The complaint accuses several executives, including Ford and Chief Financial Officer Robert Funck, of taking advantage of Abbott’s high stock price between 2019 and 2022 and selling company stock. Ford sold $22.3 million worth of stock from 2019 to February of 2023 in a manner that was inconsistent with past trading patterns and amounts, according to the complaint. Meanwhile, Funck sold nearly $21 million worth of stock in the same period.
Abbott did not respond to a request for comment. The plaintiffs’ attorneys from New York-based Scott & Scott Attorneys at Law, Washington, D.C.-based Cohen Milstein Sellers & Toll and Philadelphia-based Kehoe Law Firm also did not respond to requests for comment.
Among the many accusations is one that, since at least 2019, Abbott has manufactured and sold formulas in violation of federal regulations, referring to the well-documented sanitation issues at the company’s Sturgis plant, where about half of the company’s formulas were produced. The company was forced to recall formula products following complaints of infants being sickened by Salmonella newport and another type of bacteria called Cronobacter sakazakii. Abbott has said it did not find any definitive link between its products and the reported illnesses.
The lawsuit also alleges Abbott has used potentially anti-competitive methods to secure a majority of the country’s Special Supplemental Nutrition Program for Women, Infants & Children contracts, a program that subsidizes formula costs for low-income families and makes up a large portion of Abbott’s formula sales. The U.S. Federal Trade Commission opened an investigation into the issue in May.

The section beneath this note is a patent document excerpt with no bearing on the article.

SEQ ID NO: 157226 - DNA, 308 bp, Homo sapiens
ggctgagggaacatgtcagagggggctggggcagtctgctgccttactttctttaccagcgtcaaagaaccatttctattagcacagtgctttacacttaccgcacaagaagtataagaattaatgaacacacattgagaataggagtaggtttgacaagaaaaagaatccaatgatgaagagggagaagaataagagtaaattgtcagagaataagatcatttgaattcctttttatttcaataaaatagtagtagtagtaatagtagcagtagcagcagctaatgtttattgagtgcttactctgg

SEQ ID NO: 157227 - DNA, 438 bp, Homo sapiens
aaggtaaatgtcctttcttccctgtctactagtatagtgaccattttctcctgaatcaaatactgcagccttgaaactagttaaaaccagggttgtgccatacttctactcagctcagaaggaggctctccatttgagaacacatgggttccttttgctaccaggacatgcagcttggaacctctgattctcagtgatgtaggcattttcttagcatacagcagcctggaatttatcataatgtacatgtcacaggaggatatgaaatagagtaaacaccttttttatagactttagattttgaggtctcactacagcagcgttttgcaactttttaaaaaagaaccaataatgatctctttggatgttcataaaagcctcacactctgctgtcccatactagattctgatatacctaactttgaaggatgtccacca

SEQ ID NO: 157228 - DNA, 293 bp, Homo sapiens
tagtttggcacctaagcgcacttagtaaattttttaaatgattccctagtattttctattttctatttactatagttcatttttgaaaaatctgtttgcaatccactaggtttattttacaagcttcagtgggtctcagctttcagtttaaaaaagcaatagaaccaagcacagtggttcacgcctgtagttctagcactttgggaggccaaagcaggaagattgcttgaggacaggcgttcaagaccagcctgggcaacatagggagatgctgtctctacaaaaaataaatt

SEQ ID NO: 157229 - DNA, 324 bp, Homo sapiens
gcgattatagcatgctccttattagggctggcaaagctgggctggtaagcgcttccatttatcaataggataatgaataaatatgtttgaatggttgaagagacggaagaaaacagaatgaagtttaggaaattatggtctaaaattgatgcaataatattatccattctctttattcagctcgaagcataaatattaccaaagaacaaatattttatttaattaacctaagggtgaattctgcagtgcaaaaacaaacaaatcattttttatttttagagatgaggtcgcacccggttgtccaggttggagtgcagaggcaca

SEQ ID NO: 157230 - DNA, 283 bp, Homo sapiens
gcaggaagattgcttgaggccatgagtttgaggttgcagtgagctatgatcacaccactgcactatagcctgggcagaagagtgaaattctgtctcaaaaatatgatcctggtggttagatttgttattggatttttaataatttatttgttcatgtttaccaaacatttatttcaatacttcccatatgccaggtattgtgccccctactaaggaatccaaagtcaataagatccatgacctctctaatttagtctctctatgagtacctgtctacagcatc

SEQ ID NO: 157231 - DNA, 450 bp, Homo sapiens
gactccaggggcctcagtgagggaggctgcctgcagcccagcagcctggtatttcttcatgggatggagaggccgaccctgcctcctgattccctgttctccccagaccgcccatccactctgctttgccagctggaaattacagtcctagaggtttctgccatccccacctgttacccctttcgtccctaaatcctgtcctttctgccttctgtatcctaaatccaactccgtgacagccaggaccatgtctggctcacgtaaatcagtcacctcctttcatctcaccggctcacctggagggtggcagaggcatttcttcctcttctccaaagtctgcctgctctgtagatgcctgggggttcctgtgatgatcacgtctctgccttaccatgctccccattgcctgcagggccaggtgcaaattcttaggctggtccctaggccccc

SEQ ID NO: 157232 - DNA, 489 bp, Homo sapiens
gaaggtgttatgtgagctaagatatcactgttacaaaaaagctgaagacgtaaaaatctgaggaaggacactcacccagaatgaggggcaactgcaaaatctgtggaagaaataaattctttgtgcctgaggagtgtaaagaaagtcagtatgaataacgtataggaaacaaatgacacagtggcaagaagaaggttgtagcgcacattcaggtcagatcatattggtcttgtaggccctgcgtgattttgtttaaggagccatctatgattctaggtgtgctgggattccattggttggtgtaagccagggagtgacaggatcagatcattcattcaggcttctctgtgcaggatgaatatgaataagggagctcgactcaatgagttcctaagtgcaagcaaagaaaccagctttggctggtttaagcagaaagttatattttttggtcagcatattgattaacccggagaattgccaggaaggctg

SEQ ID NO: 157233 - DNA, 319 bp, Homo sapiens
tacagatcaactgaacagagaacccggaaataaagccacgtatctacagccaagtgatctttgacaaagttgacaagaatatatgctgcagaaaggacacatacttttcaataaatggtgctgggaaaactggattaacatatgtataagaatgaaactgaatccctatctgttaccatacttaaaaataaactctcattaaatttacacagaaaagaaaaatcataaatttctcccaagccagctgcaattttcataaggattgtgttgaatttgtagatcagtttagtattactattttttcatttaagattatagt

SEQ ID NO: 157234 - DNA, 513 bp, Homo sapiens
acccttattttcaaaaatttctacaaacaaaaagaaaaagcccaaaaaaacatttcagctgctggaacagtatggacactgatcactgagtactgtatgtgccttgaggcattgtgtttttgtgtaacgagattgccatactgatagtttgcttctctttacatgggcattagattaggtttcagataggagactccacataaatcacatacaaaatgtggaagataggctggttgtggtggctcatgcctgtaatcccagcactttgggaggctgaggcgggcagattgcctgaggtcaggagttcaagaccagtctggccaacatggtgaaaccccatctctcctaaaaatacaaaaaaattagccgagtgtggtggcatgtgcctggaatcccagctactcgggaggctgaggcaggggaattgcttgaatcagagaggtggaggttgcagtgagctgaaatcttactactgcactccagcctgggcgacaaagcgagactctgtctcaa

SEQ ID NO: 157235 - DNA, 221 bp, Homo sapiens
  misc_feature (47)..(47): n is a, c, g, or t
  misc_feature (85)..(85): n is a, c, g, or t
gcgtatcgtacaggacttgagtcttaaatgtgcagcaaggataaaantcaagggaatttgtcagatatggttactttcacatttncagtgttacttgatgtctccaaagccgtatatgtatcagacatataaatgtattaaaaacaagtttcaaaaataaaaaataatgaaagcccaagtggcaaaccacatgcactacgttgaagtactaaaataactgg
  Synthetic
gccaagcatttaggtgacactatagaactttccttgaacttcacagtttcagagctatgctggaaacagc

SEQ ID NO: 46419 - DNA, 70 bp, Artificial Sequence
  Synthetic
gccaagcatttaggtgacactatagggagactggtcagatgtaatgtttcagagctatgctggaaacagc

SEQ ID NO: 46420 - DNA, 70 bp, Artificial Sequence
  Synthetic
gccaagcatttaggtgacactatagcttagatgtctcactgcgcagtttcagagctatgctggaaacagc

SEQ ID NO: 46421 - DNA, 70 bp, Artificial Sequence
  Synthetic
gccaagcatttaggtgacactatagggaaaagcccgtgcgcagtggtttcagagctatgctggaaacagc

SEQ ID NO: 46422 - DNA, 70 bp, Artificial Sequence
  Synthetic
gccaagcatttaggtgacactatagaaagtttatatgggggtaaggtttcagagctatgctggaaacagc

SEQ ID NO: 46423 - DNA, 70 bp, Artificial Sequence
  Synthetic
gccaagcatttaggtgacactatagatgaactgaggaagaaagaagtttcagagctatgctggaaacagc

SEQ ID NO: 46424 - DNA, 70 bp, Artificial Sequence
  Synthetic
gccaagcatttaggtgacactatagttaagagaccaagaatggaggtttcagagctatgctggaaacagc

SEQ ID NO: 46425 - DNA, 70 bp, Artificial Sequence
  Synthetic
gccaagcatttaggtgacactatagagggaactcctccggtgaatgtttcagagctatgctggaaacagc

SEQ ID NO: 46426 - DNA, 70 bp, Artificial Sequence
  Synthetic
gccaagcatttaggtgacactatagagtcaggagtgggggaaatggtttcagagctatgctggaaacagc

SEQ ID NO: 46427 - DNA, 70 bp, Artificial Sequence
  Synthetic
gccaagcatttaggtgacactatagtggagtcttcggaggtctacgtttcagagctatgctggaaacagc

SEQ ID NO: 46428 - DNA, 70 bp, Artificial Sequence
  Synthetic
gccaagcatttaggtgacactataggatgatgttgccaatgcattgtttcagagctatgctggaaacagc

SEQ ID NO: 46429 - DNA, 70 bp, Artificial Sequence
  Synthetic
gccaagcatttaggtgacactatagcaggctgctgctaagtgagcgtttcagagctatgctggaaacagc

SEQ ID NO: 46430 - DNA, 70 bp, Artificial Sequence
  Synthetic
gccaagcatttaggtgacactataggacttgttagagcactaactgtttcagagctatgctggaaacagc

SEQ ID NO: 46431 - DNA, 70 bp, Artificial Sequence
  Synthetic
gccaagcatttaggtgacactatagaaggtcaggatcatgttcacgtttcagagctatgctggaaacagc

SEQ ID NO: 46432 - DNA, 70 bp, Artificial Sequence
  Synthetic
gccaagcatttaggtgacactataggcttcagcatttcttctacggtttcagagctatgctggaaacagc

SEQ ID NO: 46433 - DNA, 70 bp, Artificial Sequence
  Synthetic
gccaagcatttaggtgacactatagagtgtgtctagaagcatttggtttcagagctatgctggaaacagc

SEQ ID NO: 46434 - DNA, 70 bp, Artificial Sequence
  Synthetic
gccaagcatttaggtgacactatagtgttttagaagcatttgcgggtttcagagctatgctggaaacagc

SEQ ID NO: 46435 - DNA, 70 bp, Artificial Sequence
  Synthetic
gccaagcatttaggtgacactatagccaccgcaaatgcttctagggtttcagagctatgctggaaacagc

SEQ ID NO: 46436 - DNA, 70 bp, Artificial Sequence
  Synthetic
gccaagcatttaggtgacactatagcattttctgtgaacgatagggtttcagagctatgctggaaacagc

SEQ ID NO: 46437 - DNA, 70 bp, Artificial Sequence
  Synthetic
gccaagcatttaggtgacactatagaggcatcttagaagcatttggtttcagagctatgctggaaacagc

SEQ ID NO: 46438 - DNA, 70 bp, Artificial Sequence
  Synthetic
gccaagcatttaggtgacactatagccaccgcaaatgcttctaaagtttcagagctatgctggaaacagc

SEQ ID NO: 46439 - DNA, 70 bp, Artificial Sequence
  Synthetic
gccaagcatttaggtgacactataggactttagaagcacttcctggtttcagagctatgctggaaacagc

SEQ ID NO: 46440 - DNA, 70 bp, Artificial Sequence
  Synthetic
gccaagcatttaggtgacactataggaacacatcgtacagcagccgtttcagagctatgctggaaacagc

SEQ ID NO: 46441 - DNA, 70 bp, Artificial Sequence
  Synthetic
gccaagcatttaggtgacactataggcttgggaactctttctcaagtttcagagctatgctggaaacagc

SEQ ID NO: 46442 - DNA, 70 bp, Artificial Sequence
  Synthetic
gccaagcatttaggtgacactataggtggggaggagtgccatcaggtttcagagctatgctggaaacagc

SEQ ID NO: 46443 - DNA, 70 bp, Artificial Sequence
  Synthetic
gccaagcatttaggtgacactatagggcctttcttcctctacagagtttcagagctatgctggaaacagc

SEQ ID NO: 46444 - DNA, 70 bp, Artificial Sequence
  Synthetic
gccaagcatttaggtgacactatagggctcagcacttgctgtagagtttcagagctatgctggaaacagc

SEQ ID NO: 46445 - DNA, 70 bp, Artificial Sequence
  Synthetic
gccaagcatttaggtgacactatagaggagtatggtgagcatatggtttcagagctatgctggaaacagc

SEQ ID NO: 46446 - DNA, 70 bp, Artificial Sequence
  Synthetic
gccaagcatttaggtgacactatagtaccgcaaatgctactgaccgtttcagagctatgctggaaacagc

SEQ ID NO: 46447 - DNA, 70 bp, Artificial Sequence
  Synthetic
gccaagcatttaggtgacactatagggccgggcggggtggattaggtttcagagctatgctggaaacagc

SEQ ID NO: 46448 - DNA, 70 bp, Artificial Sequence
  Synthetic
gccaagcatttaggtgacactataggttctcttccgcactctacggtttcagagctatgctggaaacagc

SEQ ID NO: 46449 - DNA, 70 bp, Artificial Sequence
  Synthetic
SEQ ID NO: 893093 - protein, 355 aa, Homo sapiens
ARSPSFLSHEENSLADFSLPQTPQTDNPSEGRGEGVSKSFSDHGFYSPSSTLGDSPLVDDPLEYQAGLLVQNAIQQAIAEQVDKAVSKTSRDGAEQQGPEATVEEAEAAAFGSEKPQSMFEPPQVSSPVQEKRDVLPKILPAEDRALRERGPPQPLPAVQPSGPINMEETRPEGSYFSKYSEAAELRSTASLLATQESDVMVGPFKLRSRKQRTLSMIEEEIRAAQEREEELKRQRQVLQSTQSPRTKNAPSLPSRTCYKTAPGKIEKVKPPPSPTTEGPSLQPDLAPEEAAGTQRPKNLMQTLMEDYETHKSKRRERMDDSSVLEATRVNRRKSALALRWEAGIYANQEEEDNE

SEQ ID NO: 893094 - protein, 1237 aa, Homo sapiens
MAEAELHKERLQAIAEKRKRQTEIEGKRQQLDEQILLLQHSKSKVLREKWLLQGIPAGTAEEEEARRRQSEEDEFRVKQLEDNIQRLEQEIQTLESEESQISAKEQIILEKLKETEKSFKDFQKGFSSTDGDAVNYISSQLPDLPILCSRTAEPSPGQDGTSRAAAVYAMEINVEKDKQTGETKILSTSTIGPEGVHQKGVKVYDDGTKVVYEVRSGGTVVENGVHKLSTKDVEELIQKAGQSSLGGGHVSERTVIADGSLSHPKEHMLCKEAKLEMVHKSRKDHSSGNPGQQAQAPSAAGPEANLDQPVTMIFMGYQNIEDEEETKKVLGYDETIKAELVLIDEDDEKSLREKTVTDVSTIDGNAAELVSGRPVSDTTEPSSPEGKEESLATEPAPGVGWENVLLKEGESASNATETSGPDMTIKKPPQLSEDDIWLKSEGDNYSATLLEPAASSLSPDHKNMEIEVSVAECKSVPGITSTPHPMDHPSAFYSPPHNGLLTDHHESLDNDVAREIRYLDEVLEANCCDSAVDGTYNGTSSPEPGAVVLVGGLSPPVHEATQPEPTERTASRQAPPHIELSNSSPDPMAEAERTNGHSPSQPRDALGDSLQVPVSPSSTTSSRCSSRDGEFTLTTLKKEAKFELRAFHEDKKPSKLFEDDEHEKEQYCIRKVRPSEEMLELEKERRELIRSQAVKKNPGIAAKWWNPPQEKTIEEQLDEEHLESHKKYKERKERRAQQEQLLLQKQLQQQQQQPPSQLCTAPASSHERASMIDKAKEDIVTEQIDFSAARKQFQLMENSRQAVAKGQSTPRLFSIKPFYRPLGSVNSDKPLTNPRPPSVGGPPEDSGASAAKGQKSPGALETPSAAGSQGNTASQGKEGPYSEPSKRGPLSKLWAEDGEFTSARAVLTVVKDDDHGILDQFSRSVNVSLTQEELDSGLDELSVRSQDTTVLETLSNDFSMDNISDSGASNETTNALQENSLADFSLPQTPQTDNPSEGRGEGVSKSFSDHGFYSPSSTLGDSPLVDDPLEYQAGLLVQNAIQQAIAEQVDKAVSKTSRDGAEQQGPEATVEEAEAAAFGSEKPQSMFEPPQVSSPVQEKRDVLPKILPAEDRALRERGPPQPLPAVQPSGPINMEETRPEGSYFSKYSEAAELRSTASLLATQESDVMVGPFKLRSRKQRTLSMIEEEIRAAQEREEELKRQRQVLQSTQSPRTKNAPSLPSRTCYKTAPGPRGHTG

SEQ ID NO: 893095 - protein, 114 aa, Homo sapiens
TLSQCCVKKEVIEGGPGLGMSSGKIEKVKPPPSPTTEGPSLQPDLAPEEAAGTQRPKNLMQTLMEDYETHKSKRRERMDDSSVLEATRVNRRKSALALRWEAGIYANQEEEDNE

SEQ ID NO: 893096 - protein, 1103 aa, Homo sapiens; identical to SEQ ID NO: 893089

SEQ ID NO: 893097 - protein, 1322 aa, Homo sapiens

The complaint also accuses Abbott’s board and management of allowing the company to engage in “deceptive and unethical marketing practices” related to the company’s claims that its cow milk-based infant formulas are safe for preterm infants. This very issue is at the center of a separate group of lawsuits being heard before a Chicago judge from families claiming Abbott and another formula manufacturer, Mead Johnson, sell cow milk-based formula that can cause necrotizing enterocolitis when fed to premature babies. Other similar suits have been filed in British Columbia, Canada and Israel against Abbott, according to the union's complaint.
During the Sturgis plant shutdown, Abbott’s formula revenues sank dramatically as its products were pulled from shelves and parents turned to alternatives. But sales have begun to rebound. The company reported 9.2% sales growth in its pediatric formula lines in the first quarter, which contributed to overall nutrition segment sales growing 3.8% to $1.9 billion.
Abbott is scheduled to release its second-quarter earnings on July 20.
Last year’s baby formula saga wasn’t the first time the segment caused trouble for Abbott. The business has performed inconsistently since Abbott spun off its branded pharmaceutical business as AbbVie in 2013.
Reprinted with permission from Crain's Chicago Business. © 2023 Crain Communications Inc. All rights reserved.